Burnout is not a sign of weakness, it is your body trying to tell you that you’re unable to keep going the way you are.
Workplaces can be a breeding ground for burnout due to high demands and low resources. Hence, HR partners are all too familiar with combating workplace burnout for others. Though the question is, how can companies help HR partners when they are feeling burnt out?
Let’s look at what HR burnout means and the flow-on effect it has within an organisation.
What is burnout?
Burnout is a serious health issue that affects much of today’s workforce. Caused by excessive and prolonged stress, burnout refers to complete emotional, physical and mental exhaustion.
Constantly being faced with demands that cannot be met can leave employees emotionally drained. They start to feel increasingly helpless, cynical and resentful, the longer the situation goes on. This constant demand can eventually push them to feel as though they have nothing left to give.
Burnout is not contained in a person’s work life. The effects of burnout follow them home. Suffers of burnout cannot escape the feelings of helplessness, disillusionment and complete exhaustion even when they’re not at work.
Indeed reported in 2021 that 52% of workers felt burnt out. This statistic was up 9% from 2020 and is likely to rise again in 2022. High levels of employee burnout will lead to lower retention within an organisation, so it is an issue HR regularly deal with in relation to employee mental health.
The question remains, what if HR experiences burnout?
It can be forgotten that HR associates can experience burnout just like any other professional. HR burnout is often overlooked in the workplace as usually, it would be their department that identifies and addresses workplace burnout.
Excessive mundane admin tasks can often be the root of HR burnout. If there is no automated HR software in place, HR professionals spend valuable time completing admin tasks at the expense of their strategic work, such as aligning HR efforts with business values.
HR professionals want more stimulation and fulfilment than admin work. With a low sense of fulfilment comes the risk of low retention and morale. Driven employees that want to excel in the HR profession will not stay at a company that constantly neglects to use them to their full potential.
What effect does this have on the company?
The flow-on effect of not having a streamlined HR system in place in your organisation is what we refer to as a lose-lose-lose situation. HR, managers and the company are left under-resourced and overworked.
When HR has to compromise their time, less thought is given to their strategic work. This work is a vital part of how departments strategically manage their people. Strategic hiring and retention plans allow them to hire and train employees to be assets to the company. Without these plans being given the proper attention, managers lack the strategic backbone they need to create and retain the strongest team possible.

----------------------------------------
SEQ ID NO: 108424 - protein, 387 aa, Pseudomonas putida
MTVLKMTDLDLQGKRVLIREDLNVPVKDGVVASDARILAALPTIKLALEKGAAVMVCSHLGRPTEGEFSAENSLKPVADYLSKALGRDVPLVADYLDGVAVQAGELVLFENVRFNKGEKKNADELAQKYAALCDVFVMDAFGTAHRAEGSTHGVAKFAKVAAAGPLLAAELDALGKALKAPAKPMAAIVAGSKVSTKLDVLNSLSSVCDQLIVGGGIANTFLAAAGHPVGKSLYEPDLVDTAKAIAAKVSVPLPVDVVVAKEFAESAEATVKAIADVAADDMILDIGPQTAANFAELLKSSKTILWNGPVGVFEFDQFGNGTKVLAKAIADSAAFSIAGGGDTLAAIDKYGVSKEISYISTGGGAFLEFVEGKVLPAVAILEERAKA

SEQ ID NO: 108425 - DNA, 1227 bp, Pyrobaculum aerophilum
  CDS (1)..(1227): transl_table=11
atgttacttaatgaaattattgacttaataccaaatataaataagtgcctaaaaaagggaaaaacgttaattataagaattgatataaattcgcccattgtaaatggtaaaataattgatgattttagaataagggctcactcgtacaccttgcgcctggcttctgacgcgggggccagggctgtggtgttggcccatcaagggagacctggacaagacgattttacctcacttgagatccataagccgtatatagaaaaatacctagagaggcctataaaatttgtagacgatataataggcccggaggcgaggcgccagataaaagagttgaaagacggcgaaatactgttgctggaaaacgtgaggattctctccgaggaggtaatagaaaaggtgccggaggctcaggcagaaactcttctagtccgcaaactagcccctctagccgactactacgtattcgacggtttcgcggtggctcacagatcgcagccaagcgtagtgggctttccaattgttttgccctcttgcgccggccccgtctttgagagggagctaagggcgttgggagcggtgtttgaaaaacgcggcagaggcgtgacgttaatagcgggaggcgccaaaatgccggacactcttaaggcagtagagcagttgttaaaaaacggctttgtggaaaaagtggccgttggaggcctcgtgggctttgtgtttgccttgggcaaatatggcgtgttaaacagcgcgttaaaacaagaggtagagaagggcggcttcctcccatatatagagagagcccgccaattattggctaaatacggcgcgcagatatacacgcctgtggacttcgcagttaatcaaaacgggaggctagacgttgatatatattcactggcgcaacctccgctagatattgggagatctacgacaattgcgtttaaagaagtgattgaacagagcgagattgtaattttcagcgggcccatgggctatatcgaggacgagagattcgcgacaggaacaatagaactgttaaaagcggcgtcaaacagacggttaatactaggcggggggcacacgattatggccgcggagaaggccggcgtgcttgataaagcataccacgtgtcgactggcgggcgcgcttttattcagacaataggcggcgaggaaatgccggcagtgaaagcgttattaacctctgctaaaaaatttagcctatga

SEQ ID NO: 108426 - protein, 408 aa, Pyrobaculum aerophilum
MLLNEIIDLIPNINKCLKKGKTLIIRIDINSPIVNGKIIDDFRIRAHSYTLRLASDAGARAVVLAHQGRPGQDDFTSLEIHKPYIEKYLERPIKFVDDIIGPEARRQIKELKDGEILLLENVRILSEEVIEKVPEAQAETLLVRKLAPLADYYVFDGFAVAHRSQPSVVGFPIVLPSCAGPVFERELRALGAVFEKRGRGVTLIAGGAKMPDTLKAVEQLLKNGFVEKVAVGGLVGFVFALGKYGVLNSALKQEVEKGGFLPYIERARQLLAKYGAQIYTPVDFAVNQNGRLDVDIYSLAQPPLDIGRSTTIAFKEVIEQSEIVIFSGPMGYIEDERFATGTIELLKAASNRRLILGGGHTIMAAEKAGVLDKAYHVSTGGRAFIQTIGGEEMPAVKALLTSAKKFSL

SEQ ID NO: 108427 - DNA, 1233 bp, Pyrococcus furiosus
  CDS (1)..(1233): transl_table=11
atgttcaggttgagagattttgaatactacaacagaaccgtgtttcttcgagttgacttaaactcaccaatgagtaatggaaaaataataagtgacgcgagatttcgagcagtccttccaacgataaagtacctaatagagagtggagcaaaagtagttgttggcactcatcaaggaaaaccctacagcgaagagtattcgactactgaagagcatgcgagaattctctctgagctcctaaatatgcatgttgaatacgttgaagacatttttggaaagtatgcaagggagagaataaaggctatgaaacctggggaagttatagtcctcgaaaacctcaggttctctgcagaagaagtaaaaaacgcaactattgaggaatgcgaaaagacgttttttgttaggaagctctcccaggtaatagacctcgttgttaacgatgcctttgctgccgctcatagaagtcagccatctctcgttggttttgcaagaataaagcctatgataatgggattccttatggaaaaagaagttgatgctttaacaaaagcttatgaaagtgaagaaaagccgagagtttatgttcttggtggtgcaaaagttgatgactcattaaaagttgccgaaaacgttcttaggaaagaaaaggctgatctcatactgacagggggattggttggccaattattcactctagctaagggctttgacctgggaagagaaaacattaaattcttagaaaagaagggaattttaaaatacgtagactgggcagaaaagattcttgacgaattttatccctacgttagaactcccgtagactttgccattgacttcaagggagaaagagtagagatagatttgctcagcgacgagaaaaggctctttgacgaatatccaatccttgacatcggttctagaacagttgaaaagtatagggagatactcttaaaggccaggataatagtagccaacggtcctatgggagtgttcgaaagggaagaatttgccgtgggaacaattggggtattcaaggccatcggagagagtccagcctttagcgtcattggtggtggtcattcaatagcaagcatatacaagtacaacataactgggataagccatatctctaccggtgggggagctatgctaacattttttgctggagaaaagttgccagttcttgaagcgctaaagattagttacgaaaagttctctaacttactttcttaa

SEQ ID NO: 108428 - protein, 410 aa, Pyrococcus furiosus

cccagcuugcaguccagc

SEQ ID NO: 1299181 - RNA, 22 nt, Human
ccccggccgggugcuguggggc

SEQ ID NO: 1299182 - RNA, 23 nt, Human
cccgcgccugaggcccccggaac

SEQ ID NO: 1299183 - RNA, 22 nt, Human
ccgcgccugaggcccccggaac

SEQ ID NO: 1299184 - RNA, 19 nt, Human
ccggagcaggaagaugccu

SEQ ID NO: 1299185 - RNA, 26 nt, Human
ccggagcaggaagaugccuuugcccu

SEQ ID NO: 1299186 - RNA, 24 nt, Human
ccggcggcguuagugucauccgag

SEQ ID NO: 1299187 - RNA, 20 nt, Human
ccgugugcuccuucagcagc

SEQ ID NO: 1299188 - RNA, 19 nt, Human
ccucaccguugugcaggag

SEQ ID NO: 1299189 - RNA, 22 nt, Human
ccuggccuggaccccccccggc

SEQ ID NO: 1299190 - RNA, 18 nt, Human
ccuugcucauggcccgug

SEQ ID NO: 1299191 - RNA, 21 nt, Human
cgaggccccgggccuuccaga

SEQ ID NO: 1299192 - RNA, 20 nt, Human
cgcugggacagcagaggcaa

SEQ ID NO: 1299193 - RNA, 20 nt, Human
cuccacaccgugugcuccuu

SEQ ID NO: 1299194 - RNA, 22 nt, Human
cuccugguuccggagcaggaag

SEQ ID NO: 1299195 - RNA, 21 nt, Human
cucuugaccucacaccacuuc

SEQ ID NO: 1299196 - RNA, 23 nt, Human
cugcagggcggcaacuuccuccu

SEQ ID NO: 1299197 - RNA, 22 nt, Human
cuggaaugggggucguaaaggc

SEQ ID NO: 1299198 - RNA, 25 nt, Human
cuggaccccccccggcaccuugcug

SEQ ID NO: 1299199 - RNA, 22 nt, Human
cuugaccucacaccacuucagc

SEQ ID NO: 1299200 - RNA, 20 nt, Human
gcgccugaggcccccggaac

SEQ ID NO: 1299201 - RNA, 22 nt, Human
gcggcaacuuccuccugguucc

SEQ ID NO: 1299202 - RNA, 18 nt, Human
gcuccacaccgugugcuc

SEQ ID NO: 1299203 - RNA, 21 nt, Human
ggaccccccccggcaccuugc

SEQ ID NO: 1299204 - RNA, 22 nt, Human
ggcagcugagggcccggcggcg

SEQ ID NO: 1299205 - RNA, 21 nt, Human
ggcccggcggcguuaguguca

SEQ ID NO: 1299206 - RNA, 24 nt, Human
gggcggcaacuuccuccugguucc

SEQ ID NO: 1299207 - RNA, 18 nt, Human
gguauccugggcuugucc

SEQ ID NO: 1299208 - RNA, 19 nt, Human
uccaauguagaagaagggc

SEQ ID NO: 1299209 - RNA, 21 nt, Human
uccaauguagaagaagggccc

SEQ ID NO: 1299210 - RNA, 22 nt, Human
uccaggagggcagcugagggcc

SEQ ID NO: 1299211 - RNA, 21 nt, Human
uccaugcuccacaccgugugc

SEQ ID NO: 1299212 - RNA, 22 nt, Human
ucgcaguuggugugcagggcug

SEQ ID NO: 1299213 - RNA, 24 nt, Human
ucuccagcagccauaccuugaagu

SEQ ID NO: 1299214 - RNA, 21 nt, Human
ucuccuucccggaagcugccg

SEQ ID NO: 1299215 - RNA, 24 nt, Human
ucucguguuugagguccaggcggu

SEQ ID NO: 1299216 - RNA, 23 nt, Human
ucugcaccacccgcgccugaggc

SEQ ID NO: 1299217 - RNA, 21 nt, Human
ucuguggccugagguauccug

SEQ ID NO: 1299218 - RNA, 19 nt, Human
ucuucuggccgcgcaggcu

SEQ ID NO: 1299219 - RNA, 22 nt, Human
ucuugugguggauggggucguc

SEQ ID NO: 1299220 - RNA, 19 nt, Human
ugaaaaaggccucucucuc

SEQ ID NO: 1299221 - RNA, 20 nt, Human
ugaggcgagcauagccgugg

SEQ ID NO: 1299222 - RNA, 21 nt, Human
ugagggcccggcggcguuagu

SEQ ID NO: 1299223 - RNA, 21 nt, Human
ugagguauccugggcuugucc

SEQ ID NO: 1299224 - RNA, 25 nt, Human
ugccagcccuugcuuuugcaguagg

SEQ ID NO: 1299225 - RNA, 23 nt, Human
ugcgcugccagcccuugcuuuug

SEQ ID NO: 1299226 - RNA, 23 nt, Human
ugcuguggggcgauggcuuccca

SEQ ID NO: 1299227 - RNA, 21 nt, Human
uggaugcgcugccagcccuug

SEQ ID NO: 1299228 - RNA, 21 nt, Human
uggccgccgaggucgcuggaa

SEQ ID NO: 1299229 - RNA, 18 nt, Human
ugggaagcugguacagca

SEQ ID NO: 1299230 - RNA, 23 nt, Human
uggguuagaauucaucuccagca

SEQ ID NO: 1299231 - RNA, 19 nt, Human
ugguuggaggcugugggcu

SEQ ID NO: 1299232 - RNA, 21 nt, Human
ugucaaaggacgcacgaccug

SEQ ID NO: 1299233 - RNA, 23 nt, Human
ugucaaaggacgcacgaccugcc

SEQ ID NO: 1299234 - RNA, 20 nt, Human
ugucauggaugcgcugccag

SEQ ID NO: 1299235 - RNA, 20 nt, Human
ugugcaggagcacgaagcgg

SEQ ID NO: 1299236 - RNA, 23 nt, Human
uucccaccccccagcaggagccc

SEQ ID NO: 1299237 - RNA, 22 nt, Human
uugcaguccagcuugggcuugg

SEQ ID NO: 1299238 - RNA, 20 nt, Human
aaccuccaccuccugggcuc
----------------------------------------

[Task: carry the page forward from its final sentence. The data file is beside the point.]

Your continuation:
A company cannot reach its full potential in this scenario. Gradually retention rates and team morale will lower from overworked employees. High turnover rates only increase the workload of those employees that have stayed with the company, pushing them that much closer to their limit and lowering team morale that much further. These are costly problems for an organisation that can pull them into a downward spiral.
How to stop HR burnout
Eliminate the problem at its source. The problem is HR partners feeling overworked, unfulfilled and burnt out from the excessive amounts of mundane admin work.
The solution is to give HR their time back by implementing enterprise-grade HR software that can automate their repetitive and mundane work tasks. With these tasks automated, HR partners gain 75% of their time back. Meaning they can complete all their tasks to a more professional standard which they can be proud of.
This allows them to feel fulfilled in their work, as they are adding meaningful value to the business. A sense of accomplishment will replace that of any burnout they once experienced, and they can begin to enjoy what they do once more.
Ultimately this will raise team morale in the department and lead to higher employee retention.
How does this help the company?
HR will always have a flow-on effect within an organisation. In this instance, the effect is what I like to call a ‘win-win-win’ situation. Hr partners, managers and the company are all winners when HR is free to perform their job more efficiently.
HR now has the appropriate amount of time to spend with managers to work strategically on hiring and retention plans. These plans help HR to better service managers with the best team to meet their goals. Meeting these goals will raise team morale, as the employees will feel their efforts are purposeful.
Employees will now have a sense of fulfilment, which should better team morale and employee retention. HR feels fulfilled, managers feel supported to meet their goals, and the company benefits from retaining experienced and happy employees – it is a win-win-win for everyone involved.
Burnout is a serious issue that can arise in the workplace. It is important to remember that HR partners are not immune to burnout just because they are the ones helping reduce it in the rest of the workplace.
It doesn’t make sense to waste your HR associate’s skills on tasks that make little use of them. Automating mundane tasks gives HR their time and energy back. Meaning they can focus on more rewarding and strategic work for managers within the company. It really is a win-win-win for HR, managers and the company overall.